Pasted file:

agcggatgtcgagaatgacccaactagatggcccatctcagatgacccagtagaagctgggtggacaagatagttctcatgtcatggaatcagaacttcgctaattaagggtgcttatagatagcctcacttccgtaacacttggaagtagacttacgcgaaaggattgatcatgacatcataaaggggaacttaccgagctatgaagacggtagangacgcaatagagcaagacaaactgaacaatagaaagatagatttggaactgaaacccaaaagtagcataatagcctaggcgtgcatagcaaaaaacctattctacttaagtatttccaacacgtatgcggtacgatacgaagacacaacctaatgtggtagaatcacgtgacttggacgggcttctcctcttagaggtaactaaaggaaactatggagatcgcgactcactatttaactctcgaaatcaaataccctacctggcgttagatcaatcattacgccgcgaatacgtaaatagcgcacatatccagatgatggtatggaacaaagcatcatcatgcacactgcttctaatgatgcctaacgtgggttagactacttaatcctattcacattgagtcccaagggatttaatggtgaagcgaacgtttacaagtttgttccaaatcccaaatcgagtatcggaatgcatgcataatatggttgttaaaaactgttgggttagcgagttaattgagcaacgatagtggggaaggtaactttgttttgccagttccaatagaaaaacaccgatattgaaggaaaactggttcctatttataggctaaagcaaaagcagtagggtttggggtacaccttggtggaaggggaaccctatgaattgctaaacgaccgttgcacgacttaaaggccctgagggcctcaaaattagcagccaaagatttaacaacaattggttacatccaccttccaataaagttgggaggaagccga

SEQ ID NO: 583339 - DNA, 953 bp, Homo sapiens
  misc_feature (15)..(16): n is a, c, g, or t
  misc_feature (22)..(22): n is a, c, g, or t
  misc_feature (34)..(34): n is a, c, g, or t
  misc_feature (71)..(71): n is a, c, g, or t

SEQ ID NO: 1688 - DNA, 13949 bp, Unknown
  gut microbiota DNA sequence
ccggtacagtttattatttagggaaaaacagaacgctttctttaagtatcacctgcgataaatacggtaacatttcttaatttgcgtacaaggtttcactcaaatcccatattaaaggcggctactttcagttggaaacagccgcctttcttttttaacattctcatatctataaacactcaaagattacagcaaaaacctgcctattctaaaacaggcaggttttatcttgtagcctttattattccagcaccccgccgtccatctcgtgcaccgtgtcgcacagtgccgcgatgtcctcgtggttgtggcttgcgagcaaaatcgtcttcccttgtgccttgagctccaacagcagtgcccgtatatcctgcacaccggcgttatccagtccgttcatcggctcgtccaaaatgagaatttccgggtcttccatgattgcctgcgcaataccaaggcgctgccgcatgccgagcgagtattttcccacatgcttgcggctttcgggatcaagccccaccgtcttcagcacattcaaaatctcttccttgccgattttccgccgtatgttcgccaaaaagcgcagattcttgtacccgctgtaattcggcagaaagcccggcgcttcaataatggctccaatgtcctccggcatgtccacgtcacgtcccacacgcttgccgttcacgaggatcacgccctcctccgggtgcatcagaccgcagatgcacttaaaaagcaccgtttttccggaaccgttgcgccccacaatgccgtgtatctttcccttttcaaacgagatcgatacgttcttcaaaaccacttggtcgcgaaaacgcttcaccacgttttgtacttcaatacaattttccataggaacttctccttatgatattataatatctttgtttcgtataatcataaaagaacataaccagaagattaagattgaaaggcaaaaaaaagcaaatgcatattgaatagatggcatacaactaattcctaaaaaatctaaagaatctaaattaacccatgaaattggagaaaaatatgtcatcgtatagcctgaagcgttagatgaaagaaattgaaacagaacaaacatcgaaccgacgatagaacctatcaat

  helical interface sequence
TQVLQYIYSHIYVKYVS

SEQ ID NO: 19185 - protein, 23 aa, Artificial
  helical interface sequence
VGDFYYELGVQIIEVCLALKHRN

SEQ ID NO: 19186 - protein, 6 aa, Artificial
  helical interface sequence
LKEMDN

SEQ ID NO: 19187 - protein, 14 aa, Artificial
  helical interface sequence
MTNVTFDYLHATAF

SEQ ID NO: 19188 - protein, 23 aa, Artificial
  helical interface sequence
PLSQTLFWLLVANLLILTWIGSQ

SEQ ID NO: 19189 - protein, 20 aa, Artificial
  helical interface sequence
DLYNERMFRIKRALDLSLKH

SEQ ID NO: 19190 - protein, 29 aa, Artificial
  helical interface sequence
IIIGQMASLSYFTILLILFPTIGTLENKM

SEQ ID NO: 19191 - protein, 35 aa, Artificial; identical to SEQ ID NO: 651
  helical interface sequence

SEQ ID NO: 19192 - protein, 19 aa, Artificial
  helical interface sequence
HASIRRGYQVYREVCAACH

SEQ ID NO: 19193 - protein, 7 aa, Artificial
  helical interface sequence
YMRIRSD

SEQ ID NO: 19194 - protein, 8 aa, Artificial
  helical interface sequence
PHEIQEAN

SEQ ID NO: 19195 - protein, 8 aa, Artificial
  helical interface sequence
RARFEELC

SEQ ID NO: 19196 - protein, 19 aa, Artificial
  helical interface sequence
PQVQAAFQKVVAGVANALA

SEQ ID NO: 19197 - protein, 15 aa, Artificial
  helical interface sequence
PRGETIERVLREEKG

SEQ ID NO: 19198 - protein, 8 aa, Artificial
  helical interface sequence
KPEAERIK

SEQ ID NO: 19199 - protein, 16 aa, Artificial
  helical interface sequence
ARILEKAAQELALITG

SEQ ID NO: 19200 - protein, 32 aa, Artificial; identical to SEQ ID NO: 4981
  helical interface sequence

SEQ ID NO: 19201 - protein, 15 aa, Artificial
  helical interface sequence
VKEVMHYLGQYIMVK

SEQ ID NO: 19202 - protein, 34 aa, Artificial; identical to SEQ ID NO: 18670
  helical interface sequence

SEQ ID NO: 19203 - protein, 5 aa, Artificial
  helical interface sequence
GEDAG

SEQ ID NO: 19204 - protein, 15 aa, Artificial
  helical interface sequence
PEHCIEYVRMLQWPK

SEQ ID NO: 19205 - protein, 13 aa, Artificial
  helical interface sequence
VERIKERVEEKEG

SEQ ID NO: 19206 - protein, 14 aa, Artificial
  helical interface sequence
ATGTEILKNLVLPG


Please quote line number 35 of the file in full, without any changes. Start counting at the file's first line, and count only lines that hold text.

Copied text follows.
SEQ ID NO: 19193 - protein, 7 aa, Artificial